Lexis and structure make up a language. Words are sounds that are combined in particular ways to project a message (physical/mental), and structures are how words are arranged to convey thoughts.
Is it enough if we know what a word means? (meaning) While speaking, words are pronounced (pronunciation and stress) and while writing, words are spelt (spelling). We also need to know its form—a noun or verb and also its role—noun as a noun or verb (word class). We need to know the letters that we can attach to make more words (affixes). Certain words usually combine with certain other words (collocations). Words can give negative or positive colour in addition to their denotations (connotations). It’s good to know other words that can replace a given word without altering its basic meaning [synonyms (antonyms)]. We need to learn how to arrange words in a given order (SVO/C/A) and how and what they combine with (patterns VNN/V-ing/to-infinitive or word with particles/prepositions). Equally important it is to know where a word can be used or may not be used (speaker-listener relationship—formal or informal).
A non-native learner doesn’t have the benefit of a live society to pick up words in their several aspects. The teacher and the coursebooks are their major resources. They listen to the teacher, read the coursebooks, practise in speaking, reading and writing to the best of their ability.
A word can have one meaning or multiple meanings. This can be learnt only through courebooks and the use of a dictionary. Non-native learners get to learn pronunciation and syllable stress from their class teacher (aural-oral)---‘photography’ and ‘photograph’, ‘content’ as noun and adjective), master spelling through the eye and the hand –‘scene’ and ‘seen’, learn to identify their brand and their role. Practice enables them to form more words through prefixes and suffixes--employ, employed, employer, employee, employable, employment, unemployable, unemployed, unemployment. With time, they learn and appreciate collocations: ‘bear the brunt of’, ‘on the brink of defeat’, connotations like ‘slim, skinny, lean, thin’, ‘slender’, ‘stare, glare, look, see’, synonyms like ‘ignore’, ‘disregard, ‘neglect’, verb, noun, adjective patterns, simple, compound, complex. And then of course learn to differentiate between formal and informal relationships and how they influence our choice of lexis and structure.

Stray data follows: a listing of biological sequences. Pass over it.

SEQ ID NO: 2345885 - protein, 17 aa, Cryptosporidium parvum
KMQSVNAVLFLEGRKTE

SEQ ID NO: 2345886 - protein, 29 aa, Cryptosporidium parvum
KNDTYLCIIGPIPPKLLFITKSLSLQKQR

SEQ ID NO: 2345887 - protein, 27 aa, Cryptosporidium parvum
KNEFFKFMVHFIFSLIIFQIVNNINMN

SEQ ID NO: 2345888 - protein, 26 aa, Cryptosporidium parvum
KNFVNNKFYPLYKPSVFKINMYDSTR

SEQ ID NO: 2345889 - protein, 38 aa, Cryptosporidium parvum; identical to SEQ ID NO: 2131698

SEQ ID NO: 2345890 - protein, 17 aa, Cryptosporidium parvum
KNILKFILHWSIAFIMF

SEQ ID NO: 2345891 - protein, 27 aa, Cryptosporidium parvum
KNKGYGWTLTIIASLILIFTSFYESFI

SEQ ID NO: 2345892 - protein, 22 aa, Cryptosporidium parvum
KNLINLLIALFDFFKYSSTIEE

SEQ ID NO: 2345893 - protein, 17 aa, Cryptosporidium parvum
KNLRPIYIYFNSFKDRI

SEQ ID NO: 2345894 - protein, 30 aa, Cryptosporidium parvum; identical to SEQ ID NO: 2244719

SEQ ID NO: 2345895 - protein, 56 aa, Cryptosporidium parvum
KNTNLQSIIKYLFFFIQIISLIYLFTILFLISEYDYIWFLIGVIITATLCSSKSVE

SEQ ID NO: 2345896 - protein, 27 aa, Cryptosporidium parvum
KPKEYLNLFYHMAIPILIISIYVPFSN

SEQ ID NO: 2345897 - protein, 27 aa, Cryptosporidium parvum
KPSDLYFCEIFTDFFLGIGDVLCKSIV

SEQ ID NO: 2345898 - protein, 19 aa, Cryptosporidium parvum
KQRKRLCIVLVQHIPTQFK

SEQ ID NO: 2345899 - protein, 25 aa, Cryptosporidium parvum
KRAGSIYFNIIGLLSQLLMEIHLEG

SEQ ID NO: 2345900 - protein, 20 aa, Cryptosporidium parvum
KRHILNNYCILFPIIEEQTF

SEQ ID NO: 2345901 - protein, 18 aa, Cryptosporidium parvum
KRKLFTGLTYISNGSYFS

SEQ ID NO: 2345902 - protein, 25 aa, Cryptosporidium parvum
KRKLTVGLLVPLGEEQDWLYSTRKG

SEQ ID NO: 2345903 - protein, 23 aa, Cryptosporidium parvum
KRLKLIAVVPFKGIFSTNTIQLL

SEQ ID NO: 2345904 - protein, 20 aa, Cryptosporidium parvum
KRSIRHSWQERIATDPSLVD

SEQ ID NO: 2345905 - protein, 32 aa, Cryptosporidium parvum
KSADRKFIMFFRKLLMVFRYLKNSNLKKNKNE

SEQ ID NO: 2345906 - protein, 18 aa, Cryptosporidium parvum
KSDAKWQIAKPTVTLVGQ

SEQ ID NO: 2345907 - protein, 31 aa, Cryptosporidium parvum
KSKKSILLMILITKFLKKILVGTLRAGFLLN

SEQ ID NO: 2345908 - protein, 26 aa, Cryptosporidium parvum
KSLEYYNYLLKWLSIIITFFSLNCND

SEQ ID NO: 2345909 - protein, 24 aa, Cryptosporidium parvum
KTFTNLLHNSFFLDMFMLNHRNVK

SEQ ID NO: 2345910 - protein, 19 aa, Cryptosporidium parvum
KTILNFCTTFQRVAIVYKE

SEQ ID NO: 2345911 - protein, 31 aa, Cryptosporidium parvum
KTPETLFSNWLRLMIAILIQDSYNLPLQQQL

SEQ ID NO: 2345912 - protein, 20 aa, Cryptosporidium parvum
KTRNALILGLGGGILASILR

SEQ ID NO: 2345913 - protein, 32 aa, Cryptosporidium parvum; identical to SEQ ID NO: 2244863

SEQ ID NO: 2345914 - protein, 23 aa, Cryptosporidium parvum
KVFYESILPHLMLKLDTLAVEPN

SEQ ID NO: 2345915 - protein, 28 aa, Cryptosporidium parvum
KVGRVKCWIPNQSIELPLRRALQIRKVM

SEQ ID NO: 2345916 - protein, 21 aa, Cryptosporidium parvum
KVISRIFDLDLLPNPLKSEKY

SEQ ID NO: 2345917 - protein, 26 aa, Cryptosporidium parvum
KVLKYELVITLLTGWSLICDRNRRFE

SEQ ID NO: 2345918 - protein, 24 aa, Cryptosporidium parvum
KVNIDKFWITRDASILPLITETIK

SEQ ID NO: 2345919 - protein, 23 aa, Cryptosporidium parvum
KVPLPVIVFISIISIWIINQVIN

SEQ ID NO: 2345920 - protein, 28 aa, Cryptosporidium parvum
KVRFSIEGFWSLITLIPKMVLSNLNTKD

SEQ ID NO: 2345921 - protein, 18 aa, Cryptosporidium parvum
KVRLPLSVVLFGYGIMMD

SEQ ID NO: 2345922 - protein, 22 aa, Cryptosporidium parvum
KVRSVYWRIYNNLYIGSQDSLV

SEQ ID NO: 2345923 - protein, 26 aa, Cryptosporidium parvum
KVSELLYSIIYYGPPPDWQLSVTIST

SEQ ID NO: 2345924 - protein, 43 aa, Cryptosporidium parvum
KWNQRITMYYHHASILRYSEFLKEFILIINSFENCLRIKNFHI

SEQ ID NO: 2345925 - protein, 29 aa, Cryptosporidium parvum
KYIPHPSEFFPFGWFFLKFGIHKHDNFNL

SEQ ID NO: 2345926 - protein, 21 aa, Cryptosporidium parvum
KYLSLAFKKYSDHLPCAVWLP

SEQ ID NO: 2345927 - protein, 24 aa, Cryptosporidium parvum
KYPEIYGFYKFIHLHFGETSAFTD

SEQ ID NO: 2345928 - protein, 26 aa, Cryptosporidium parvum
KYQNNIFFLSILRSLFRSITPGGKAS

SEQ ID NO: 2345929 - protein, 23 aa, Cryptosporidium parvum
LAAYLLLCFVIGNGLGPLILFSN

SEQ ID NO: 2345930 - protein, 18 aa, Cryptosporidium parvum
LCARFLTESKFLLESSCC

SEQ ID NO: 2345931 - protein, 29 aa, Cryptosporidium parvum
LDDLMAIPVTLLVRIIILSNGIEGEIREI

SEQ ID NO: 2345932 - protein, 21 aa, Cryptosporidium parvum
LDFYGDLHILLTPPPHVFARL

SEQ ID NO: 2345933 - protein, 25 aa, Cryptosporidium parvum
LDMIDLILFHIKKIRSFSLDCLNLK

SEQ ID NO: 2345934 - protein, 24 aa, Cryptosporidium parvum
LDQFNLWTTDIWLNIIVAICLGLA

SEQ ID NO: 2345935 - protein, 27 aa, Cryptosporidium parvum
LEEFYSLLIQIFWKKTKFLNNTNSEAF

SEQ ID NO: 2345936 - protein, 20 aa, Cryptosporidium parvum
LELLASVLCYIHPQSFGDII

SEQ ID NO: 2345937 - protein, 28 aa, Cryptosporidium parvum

However, classroom learning can only do so much. For instance, meanings, spellings, pronunciation, stress can be consciously learnt. Why, even affixes can be gathered. But collocations, connotations, structures? Learning synonym bunches can mislead for most synonyms are only synonymous and a hundred percent replacement is a rarity. The relationship context cannot be replicated in the classroom.
Learning all these (ten) aspects of umpteen words, internalising them within the limited classroom environment is going to be a touch ask in a non-native environment. Listening to and taking part in genuine day-to-day conversations is next to impossible, especially in the case of learners who go through the formal curriculum in their regional language. While pronunciation and word stress can pose a problem, watching films and reading fiction and non-fiction can be good substitutes as far as using English for all practical purposes is concerned. Here the subconscious comes into play and absorbs like a sponge, stores knowledge and offers us the right lexis and structure when speaking or writing, to our own surprise.
The ratio between the conscious and the subconscious should be in the range of 30:70.